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Journal of Materials Science

, Volume 41, Issue 18, pp 6081–6086 | Cite as

Spontaneous formation of the B2 phase from a decagonal quasicrystal under reduced constraint

  • S. H. Kim
  • K. Chattopadhyay
  • B. J. Inkson
  • G. Möbus
  • W. T. Kim
  • D. H. Kim
Letter

Since the discovery that vacancies can quasiperiodically order in a basic B2 structure to yield a one-dimensional quasiperiodicity, these phases were subjected to intense investigations for possible links with quasicrystal [1, 2]. The B2 phase was found to co-exist extensively with the icosahedral quasicrystalline phase, particularly in Al–Cu–TM (TM = transition metal) systems where the two phase fields are often adjacent to each other [3]. The two phase exhibit a well-defined orientation relationship. There exist several studies dealing with quasicrystalline to B2 transformation, particularly in decagonal quasicrystals Döblinger et al. [4] has carefully explored different metastable states in Al–Co–Ni decagonal quasicrystals including nanodomained 1D quasicrystals and multiple twinned approximant phase. The decagonal to a cubic B2 ordered phase transformation can often be observed. The nanocrystals of the B2 phase could be observed on the surface of the decagonal quasicrystal. Zhang...

Keywords

Orientation Relationship Body Centered Cubic Quasicrystalline Phase Thin Edge Decagonal Quasicrystal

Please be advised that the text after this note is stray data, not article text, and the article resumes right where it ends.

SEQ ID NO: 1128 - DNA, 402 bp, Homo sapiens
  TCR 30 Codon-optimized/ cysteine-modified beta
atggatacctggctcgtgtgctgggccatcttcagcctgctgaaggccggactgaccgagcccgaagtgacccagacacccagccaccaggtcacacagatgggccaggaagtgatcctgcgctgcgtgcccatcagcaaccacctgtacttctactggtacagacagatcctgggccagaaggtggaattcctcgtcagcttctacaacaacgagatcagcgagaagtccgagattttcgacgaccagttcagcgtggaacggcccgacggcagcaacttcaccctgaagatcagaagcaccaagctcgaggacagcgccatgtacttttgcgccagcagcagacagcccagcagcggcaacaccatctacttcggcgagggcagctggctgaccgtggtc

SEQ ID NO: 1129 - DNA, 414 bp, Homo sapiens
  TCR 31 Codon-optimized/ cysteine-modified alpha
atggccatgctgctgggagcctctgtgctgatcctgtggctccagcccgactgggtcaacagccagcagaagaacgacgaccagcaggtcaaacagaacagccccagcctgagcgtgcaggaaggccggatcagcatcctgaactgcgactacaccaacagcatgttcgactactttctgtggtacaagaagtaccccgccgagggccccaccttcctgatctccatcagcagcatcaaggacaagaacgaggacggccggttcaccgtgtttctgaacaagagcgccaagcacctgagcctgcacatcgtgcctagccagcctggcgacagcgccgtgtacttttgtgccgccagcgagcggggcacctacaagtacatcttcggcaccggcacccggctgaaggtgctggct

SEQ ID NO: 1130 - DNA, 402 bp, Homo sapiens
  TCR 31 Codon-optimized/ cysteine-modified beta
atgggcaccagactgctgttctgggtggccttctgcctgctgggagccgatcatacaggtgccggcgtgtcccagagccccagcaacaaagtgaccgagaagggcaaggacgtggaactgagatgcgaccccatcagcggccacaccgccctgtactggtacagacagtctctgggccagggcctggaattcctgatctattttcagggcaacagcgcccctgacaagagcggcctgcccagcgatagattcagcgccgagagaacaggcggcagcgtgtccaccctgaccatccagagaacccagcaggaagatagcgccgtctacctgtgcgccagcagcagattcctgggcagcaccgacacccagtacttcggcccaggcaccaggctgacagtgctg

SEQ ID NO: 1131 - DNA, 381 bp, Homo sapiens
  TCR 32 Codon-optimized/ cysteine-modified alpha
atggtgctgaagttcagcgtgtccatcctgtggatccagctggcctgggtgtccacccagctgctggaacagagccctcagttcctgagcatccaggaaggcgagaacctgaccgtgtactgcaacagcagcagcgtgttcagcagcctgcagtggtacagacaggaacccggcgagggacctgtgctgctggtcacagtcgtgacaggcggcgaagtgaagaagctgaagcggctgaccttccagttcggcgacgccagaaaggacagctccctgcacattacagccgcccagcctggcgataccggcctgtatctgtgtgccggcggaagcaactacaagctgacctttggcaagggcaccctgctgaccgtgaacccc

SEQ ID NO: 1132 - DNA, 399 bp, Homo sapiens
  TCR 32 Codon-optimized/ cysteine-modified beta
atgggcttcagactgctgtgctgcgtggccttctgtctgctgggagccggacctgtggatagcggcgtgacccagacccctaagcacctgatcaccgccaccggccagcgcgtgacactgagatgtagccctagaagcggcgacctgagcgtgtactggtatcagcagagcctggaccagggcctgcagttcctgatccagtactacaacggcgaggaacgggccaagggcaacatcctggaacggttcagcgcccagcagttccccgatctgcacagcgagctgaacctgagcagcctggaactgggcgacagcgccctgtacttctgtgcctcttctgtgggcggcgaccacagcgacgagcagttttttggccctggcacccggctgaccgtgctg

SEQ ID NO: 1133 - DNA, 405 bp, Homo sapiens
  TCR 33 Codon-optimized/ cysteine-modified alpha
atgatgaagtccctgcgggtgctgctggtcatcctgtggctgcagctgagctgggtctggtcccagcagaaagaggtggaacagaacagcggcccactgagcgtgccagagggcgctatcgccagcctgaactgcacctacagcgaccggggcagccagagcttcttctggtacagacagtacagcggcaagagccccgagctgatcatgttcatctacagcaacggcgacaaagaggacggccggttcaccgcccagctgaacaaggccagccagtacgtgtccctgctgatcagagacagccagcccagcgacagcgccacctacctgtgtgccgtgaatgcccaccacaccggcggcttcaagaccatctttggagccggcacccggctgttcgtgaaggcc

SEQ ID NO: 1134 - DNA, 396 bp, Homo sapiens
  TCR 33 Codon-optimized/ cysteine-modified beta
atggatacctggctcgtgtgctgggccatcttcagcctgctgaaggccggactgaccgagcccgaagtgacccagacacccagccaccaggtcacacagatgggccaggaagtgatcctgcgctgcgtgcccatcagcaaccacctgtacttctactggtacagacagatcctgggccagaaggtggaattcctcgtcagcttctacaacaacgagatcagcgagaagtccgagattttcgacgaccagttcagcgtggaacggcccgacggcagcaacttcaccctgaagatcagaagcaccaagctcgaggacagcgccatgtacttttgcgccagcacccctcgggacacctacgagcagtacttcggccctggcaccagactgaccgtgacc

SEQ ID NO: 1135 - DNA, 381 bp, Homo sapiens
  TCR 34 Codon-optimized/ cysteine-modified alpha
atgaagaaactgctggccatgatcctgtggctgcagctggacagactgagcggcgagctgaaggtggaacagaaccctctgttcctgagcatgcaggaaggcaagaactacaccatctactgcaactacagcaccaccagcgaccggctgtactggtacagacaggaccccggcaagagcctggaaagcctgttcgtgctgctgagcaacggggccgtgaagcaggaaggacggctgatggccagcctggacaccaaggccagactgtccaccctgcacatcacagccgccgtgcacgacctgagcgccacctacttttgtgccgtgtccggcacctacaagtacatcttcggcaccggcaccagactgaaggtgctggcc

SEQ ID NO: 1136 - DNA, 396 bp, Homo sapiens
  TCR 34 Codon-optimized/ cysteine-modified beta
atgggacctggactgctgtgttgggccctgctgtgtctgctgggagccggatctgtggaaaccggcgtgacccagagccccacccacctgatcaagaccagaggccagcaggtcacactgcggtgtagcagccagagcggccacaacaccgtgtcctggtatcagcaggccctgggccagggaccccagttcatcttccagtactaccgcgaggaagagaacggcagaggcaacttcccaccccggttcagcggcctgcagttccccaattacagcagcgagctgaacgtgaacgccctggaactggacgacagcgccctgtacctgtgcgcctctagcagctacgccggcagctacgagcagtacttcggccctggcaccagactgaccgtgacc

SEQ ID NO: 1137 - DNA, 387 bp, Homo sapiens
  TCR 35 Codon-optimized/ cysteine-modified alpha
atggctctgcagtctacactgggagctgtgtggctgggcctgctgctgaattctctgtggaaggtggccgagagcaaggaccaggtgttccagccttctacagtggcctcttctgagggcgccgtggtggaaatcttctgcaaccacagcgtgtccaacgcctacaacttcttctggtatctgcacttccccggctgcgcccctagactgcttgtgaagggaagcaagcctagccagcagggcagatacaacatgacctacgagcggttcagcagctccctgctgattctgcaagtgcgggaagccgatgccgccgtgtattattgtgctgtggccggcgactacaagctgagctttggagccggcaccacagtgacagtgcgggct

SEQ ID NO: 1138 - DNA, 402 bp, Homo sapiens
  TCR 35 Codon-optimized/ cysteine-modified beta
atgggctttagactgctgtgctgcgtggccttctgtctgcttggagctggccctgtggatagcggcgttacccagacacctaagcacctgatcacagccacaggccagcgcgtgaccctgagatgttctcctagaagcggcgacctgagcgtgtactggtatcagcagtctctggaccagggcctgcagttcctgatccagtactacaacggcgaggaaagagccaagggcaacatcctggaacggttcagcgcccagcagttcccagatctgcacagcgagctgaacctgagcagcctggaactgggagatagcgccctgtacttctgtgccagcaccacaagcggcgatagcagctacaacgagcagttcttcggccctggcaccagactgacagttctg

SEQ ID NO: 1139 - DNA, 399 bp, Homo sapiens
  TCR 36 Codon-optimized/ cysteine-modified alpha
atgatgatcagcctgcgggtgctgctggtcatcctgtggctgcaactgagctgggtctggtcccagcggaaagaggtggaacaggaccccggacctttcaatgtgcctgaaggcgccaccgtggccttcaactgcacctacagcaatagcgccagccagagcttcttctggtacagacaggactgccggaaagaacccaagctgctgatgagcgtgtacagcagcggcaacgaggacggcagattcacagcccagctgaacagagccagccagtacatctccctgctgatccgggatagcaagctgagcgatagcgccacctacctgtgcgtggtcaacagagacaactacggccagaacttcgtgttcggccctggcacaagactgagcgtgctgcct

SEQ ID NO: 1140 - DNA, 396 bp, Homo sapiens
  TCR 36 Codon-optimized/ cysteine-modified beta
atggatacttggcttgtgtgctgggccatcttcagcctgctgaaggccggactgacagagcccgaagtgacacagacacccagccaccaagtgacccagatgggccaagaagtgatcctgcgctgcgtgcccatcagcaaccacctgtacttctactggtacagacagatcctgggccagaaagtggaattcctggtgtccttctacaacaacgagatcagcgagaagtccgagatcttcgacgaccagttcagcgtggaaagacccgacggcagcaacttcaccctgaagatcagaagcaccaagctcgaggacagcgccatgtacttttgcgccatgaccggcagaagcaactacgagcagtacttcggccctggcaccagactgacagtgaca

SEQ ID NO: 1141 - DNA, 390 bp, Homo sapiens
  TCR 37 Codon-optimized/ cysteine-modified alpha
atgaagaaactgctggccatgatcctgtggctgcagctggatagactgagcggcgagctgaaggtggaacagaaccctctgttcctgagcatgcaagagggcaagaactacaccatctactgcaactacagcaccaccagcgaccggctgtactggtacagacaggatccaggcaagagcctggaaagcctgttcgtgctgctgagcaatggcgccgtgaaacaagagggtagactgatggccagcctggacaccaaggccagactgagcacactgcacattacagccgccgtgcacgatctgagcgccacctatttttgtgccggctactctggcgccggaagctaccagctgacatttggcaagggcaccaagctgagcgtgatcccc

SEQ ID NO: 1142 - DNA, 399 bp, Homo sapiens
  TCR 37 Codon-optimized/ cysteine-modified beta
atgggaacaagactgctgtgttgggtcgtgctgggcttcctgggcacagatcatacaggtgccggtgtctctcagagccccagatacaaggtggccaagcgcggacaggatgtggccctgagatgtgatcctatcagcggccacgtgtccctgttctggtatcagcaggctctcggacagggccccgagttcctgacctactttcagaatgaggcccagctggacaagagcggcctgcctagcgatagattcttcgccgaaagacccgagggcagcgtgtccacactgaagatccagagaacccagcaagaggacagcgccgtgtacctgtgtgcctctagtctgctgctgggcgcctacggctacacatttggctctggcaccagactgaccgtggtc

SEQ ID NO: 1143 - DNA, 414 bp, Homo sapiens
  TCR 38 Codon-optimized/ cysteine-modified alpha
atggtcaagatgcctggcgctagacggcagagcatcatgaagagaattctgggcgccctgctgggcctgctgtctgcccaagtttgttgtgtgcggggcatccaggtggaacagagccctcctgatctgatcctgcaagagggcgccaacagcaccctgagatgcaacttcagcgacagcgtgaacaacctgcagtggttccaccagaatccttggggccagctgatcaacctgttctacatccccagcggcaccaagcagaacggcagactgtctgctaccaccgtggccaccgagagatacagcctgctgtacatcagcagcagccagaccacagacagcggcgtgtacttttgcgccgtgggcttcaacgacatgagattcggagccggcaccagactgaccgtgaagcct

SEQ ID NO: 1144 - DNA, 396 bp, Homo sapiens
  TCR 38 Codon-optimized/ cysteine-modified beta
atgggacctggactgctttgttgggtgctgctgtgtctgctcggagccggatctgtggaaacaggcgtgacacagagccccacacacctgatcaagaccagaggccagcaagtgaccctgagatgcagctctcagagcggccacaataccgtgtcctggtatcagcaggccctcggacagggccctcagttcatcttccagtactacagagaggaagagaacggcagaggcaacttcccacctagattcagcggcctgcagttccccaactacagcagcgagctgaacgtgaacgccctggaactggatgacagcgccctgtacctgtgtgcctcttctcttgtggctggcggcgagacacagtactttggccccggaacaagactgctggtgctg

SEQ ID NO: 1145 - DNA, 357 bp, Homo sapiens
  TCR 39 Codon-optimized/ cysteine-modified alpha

Notes

Acknowledgements

This work is partly supported by Creative Research Initiatives of the Korean Ministry of Science and Technology. The first author (SHK) thanks for financial support by postdoctoral fellowship program from Korea Science & Engineering Foundation (KOSEF).

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Copyright information

© Springer Science+Business Media, LLC 2006

Authors and Affiliations

  • S. H. Kim
    • 1
  • K. Chattopadhyay
    • 2
  • B. J. Inkson
    • 3
  • G. Möbus
    • 3
  • W. T. Kim
    • 4
  • D. H. Kim
    • 5
  1. 1.School of Advanced Materials and Systems EngineeringKumoh National Institute of TechnologyGumiKorea
  2. 2.Department of MetallurgyIndian Institute of ScienceBangaloreIndia
  3. 3.Department of Engineering MaterialsThe University of SheffieldSheffieldUK
  4. 4.Center for Noncrystalline Materials, Department of PhysicsChongju UniversityChongjuKorea
  5. 5.Center for Noncrystalline Materials, Department of Metallurgical EngineeringYonsei UniversitySodaemun-ku, SeoulKorea

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